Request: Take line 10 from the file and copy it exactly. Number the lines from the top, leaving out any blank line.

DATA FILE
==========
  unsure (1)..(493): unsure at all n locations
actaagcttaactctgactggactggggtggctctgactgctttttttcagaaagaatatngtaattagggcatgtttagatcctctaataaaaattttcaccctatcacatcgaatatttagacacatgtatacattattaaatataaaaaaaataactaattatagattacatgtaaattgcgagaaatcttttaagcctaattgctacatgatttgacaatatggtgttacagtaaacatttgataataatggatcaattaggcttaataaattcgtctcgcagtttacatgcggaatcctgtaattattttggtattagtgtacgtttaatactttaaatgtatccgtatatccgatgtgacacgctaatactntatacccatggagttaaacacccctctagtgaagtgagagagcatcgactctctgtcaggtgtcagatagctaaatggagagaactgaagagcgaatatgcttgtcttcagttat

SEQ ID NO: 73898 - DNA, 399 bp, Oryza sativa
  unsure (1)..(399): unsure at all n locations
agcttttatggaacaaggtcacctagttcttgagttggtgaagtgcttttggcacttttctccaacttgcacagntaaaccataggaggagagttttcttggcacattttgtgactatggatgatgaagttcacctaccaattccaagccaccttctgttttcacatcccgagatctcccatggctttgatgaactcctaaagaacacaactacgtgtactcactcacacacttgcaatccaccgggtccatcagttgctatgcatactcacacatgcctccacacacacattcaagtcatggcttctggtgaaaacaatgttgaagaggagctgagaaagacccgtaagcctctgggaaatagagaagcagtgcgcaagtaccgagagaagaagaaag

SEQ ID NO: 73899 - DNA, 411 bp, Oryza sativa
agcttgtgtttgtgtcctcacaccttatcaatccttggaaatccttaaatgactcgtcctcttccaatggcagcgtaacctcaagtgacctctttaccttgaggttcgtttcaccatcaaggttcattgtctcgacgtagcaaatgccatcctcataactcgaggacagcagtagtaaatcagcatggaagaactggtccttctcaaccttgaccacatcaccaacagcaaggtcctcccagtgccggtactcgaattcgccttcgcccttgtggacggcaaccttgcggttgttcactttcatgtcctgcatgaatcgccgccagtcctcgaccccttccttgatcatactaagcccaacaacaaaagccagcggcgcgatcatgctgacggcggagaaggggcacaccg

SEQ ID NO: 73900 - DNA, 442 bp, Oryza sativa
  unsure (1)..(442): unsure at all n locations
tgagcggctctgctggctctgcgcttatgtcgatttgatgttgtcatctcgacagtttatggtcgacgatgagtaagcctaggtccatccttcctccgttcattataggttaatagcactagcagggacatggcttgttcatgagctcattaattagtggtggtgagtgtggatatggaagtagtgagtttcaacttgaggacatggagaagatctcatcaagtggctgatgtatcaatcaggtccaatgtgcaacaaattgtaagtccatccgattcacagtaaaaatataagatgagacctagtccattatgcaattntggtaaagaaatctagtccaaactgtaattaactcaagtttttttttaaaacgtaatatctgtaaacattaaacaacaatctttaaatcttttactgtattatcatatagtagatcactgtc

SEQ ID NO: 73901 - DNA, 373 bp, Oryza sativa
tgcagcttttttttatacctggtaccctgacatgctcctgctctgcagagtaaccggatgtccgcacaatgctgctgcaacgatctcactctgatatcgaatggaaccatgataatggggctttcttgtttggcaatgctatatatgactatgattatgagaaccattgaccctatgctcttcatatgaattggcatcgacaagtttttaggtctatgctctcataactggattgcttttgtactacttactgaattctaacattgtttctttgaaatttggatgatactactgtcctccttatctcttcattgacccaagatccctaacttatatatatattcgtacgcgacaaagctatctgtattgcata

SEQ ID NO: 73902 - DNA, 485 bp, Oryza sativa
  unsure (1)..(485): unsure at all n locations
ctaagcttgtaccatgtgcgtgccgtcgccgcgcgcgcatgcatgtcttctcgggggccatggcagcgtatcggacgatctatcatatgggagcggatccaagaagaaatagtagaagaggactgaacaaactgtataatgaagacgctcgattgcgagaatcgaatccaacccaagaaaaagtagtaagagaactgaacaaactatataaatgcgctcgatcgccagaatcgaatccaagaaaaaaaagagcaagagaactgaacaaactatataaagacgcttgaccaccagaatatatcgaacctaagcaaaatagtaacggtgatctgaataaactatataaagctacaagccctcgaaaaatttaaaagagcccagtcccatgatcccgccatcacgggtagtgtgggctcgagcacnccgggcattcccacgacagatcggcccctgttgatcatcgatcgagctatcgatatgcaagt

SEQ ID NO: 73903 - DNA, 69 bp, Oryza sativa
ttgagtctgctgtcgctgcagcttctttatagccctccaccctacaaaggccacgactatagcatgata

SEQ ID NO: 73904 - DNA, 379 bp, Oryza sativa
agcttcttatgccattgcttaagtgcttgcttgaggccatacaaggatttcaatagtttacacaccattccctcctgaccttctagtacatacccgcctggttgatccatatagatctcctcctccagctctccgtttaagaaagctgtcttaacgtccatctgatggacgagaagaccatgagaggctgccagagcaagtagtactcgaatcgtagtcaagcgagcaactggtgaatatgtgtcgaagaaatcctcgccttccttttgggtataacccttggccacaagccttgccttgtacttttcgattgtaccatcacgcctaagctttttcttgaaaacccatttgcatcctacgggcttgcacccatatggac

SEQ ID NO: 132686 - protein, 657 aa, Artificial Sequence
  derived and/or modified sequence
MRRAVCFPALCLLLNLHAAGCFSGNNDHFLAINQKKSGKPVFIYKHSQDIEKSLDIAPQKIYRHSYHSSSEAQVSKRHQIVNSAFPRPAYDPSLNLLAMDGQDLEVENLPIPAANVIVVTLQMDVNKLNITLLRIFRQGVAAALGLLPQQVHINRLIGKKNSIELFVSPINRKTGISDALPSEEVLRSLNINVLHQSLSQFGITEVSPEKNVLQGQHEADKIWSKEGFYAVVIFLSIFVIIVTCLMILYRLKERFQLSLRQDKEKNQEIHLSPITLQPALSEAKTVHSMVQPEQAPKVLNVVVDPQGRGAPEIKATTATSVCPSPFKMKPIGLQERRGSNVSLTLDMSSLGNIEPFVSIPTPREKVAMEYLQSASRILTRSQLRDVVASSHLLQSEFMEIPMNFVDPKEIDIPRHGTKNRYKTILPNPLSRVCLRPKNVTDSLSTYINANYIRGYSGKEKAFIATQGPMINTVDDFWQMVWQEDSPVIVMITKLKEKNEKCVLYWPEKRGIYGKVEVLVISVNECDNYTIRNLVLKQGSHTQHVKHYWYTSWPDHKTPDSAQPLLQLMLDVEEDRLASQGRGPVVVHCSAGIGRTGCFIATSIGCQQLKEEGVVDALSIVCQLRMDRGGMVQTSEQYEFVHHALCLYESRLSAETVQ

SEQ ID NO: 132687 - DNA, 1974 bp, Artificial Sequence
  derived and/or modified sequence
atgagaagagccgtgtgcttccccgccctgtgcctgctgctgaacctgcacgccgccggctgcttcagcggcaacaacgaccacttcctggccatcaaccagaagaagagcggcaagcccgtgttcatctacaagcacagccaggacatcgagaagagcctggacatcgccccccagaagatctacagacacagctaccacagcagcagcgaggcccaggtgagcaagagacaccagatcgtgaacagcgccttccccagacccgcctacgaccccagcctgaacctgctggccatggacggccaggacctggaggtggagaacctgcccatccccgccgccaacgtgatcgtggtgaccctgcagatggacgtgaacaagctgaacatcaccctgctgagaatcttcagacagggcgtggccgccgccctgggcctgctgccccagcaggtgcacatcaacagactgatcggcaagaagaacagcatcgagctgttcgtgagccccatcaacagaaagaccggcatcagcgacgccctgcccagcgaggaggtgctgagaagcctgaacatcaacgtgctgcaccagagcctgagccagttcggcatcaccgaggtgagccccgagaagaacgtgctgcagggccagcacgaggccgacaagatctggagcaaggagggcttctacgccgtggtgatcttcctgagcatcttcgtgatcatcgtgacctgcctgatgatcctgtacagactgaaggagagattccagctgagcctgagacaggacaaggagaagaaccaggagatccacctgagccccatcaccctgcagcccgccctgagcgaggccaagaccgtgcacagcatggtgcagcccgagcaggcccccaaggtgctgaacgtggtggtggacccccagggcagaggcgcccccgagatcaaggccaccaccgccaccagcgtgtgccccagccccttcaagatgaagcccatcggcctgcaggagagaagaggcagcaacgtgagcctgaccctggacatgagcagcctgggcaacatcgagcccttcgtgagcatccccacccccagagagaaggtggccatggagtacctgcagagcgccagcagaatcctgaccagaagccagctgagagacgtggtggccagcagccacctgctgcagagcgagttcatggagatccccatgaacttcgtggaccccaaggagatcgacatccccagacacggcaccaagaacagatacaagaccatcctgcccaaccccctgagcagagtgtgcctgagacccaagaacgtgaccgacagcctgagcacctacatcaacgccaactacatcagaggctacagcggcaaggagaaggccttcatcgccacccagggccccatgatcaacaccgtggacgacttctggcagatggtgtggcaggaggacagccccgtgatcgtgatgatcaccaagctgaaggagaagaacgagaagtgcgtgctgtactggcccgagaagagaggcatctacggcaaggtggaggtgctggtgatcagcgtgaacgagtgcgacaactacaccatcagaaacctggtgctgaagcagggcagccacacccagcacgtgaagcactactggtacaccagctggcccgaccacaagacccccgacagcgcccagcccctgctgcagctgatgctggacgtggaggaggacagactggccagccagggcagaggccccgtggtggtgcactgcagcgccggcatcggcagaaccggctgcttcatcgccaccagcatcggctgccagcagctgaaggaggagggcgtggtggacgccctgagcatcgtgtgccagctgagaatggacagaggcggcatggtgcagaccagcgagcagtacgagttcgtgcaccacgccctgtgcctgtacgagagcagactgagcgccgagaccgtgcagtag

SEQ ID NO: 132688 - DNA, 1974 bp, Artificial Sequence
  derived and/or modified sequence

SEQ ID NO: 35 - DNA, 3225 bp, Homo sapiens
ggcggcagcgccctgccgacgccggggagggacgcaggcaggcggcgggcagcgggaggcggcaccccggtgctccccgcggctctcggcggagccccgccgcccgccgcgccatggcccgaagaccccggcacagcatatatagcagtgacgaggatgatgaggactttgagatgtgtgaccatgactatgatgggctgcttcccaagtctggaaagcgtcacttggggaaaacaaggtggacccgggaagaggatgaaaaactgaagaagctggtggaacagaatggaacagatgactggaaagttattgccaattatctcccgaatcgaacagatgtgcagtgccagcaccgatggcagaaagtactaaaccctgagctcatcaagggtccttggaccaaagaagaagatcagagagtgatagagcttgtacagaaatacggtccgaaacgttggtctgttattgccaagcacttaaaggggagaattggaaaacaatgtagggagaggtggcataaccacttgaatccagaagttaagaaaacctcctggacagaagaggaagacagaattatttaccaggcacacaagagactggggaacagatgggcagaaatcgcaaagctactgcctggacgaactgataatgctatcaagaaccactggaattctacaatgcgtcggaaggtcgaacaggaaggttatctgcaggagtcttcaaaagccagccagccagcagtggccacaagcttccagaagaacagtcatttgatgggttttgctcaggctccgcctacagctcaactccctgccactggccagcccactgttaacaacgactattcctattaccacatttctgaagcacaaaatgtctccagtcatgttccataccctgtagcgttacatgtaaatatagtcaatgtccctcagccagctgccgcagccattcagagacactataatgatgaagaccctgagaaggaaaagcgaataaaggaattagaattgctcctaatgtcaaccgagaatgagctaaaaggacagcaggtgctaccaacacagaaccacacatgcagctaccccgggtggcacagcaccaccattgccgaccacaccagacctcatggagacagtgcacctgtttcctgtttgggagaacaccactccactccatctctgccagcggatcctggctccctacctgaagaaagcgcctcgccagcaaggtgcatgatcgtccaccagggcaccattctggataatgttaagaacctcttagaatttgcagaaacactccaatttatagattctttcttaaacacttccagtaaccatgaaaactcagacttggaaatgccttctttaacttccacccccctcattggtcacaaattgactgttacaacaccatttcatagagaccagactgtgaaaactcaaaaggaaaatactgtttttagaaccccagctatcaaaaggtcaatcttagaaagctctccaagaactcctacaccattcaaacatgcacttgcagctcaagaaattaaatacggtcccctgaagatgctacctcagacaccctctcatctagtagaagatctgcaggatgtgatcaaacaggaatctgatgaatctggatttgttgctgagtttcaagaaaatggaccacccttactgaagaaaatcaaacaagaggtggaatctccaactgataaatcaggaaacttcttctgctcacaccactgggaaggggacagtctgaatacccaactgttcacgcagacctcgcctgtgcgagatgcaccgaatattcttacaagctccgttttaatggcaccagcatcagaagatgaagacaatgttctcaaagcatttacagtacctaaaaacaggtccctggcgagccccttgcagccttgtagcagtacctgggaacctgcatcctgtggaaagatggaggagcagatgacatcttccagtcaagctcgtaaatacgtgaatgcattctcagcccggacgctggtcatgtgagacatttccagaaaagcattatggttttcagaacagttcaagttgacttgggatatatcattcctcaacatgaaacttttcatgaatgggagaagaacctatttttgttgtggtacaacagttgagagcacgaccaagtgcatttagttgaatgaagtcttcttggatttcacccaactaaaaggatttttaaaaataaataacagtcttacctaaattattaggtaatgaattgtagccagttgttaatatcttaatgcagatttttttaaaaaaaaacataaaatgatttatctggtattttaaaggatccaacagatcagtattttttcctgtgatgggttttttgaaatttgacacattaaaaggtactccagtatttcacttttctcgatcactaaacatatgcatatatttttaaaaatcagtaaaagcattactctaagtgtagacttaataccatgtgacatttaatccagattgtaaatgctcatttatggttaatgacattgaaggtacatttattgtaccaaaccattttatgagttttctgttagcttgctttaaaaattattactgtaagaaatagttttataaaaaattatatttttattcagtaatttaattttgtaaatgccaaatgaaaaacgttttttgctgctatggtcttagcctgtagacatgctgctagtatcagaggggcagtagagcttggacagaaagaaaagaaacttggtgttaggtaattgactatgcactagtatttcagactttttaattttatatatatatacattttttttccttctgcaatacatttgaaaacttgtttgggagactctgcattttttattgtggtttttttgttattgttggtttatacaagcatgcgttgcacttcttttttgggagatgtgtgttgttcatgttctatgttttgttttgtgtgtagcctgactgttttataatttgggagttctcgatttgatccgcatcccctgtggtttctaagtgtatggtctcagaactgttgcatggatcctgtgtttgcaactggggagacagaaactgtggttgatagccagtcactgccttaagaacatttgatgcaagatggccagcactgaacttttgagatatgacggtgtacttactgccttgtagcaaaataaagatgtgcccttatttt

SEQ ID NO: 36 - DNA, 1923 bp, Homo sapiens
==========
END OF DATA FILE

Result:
tgagcggctctgctggctctgcgcttatgtcgatttgatgttgtcatctcgacagtttatggtcgacgatgagtaagcctaggtccatccttcctccgttcattataggttaatagcactagcagggacatggcttgttcatgagctcattaattagtggtggtgagtgtggatatggaagtagtgagtttcaacttgaggacatggagaagatctcatcaagtggctgatgtatcaatcaggtccaatgtgcaacaaattgtaagtccatccgattcacagtaaaaatataagatgagacctagtccattatgcaattntggtaaagaaatctagtccaaactgtaattaactcaagtttttttttaaaacgtaatatctgtaaacattaaacaacaatctttaaatcttttactgtattatcatatagtagatcactgtc